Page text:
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I'm thinking of the following problem: There's a set $M$ of men and a set $W$ of women; furthermore there's a set $S$ of "possible marriages". Each possible marriage is a triple $(m, w, x)$, consisting of a man $m \in M$, a woman $w \in W$ and some arbitrary piece of extra information $x$.

For a man $m$, let $S_m = \{(m', w', x) \in S \mid m = m'\}$ be the set of possible marriages involving him, and for any woman $w$, let $S_w = \{(m', w', x) \in S \mid w = w'\}$ be the set of possible marriages involving her.

Instead of ranking the women he would marry, a man $m$ ranks the possible marriages: There is a total ordering $\leq_m$ defined on $S_m$. Similarly, for any woman $w$, there is a total ordering $\leq_w$ defined on $S_w$.

The problem is to find a stable matching. A stable matching is now a subset $X \subseteq S$ such that

  • every person is matched at most once, that is, for each man $m$, the intersection $X \cap S_m$ has at most one element, and for each woman $w$, the intersection $X \cap S_w$ has at most one element, and
  • $X$ is stable in the sense that for each possible marriage $s \in S$ between a man $m$ and a woman $w$, either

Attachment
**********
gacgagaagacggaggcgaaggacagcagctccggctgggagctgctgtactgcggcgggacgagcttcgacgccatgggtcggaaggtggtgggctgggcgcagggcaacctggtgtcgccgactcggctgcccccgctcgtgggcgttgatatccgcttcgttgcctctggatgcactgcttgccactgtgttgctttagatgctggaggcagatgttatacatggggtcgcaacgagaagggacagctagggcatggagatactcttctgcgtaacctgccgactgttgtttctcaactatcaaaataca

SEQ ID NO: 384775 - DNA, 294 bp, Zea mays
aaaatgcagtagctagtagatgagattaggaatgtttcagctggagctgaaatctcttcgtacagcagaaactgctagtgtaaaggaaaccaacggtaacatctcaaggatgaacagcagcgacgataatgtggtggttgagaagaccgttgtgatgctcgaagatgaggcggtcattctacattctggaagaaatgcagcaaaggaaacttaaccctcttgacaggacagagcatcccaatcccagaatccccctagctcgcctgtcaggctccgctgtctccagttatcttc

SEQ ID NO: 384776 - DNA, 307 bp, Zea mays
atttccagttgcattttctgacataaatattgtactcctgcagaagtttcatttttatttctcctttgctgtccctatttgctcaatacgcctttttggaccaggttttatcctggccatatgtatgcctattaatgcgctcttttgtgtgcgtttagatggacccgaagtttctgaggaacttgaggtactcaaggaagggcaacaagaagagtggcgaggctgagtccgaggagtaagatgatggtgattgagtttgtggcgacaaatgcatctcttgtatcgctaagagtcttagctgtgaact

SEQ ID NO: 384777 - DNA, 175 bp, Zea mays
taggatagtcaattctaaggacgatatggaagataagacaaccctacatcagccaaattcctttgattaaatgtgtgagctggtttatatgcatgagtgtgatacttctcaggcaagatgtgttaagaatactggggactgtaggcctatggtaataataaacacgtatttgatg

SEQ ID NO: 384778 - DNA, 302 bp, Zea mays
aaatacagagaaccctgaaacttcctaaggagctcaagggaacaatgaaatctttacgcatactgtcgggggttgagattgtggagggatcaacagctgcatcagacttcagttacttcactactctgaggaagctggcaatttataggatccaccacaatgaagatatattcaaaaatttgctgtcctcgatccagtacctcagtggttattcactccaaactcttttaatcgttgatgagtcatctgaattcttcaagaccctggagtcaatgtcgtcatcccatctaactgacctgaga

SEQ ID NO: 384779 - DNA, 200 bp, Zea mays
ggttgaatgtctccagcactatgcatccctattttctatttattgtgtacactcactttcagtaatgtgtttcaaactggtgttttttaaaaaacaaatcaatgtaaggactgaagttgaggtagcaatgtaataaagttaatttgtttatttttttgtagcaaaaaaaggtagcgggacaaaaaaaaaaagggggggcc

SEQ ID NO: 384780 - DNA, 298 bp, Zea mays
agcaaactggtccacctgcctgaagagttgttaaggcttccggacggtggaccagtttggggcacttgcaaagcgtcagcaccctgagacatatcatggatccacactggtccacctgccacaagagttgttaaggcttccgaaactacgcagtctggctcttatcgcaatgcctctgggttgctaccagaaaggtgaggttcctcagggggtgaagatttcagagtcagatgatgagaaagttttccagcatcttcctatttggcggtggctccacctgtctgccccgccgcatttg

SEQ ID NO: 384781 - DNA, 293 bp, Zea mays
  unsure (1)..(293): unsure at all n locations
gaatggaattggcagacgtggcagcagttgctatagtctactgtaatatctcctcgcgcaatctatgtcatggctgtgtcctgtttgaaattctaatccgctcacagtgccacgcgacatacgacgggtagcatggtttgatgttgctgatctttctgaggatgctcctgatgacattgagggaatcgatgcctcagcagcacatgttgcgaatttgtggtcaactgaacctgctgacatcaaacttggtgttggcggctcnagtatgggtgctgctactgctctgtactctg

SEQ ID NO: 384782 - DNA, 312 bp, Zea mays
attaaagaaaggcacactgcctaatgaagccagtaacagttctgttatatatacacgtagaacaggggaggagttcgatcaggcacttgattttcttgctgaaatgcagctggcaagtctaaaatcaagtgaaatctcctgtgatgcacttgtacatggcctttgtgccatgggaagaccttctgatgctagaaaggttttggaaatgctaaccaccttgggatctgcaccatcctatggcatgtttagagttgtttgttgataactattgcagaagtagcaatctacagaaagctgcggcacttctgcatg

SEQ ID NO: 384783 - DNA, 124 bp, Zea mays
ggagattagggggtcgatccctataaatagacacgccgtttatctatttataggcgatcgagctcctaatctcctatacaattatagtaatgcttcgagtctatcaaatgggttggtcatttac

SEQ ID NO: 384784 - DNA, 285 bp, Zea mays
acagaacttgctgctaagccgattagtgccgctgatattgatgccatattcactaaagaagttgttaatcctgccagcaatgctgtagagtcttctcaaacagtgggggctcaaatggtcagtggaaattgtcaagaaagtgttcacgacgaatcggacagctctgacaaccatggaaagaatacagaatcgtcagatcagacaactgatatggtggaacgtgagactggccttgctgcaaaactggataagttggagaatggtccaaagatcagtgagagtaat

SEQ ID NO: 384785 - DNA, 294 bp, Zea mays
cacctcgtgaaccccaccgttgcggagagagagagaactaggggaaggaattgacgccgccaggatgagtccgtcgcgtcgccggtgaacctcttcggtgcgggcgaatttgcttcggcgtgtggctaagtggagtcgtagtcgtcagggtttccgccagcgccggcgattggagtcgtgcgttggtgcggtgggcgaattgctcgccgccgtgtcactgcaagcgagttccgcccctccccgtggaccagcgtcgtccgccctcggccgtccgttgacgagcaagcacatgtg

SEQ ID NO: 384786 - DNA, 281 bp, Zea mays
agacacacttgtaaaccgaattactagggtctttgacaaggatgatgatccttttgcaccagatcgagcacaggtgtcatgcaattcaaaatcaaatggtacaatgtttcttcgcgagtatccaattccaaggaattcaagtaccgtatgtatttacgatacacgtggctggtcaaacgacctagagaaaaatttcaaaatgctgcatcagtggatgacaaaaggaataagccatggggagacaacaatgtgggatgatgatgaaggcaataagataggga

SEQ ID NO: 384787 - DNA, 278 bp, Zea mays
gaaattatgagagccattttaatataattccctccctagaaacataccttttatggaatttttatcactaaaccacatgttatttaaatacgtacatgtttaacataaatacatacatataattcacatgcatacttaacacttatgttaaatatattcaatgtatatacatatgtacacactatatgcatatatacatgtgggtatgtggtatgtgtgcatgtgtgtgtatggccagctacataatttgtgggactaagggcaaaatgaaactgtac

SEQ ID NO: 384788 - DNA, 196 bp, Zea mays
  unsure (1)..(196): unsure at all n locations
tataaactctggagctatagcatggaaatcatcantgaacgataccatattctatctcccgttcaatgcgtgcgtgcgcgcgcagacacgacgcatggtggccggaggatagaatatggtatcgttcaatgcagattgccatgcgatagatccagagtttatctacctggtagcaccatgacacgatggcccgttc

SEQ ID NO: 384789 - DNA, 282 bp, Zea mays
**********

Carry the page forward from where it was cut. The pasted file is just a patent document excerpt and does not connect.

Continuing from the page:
• $m$ is in a marriage that is at least as good for him as $s$, that is, there is some $s' \in X \cap S_m$ such that $s' \geq_m s$, or
  • $w$ is in a marriage that is at least as good for her as $s$, that is, there is some $s' \in X \cap S_w$ such that $s' \geq_w s$.

The classical stable marriage problem is equivalent to the restricted version of this problem where for each possibe marriage $(m, w, x) \in S$, the "extra information" $x$ is required to be some fixed dummy value.

Has anybody studied this generalization and given it some name? If not, is there some naming convention for "this kind of generalization"?

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Yes, this has been studied. Look up "matching with contracts" and the earlier papers by Crawford & Knoer (1981), and Kelso & Crawford (1982) in Econometrica.

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  • $\begingroup$ Thanks a lot! Crawford & Knoer (1981) and Kelso & Crawford (1982) seem to be more restricted, but "matching with contracts" (which seems to be introduced in Hatfield & Milgrom (2005)) seems to be exactly what I was looking for! $\endgroup$ – dankness Sep 13 '17 at 1:44
  • $\begingroup$ @dankness It is actually possible to embed the Hatfield & Milgrom model in the Kelso and Crawford model. See this paper. $\endgroup$ – Michael Greinecker Sep 13 '17 at 6:10

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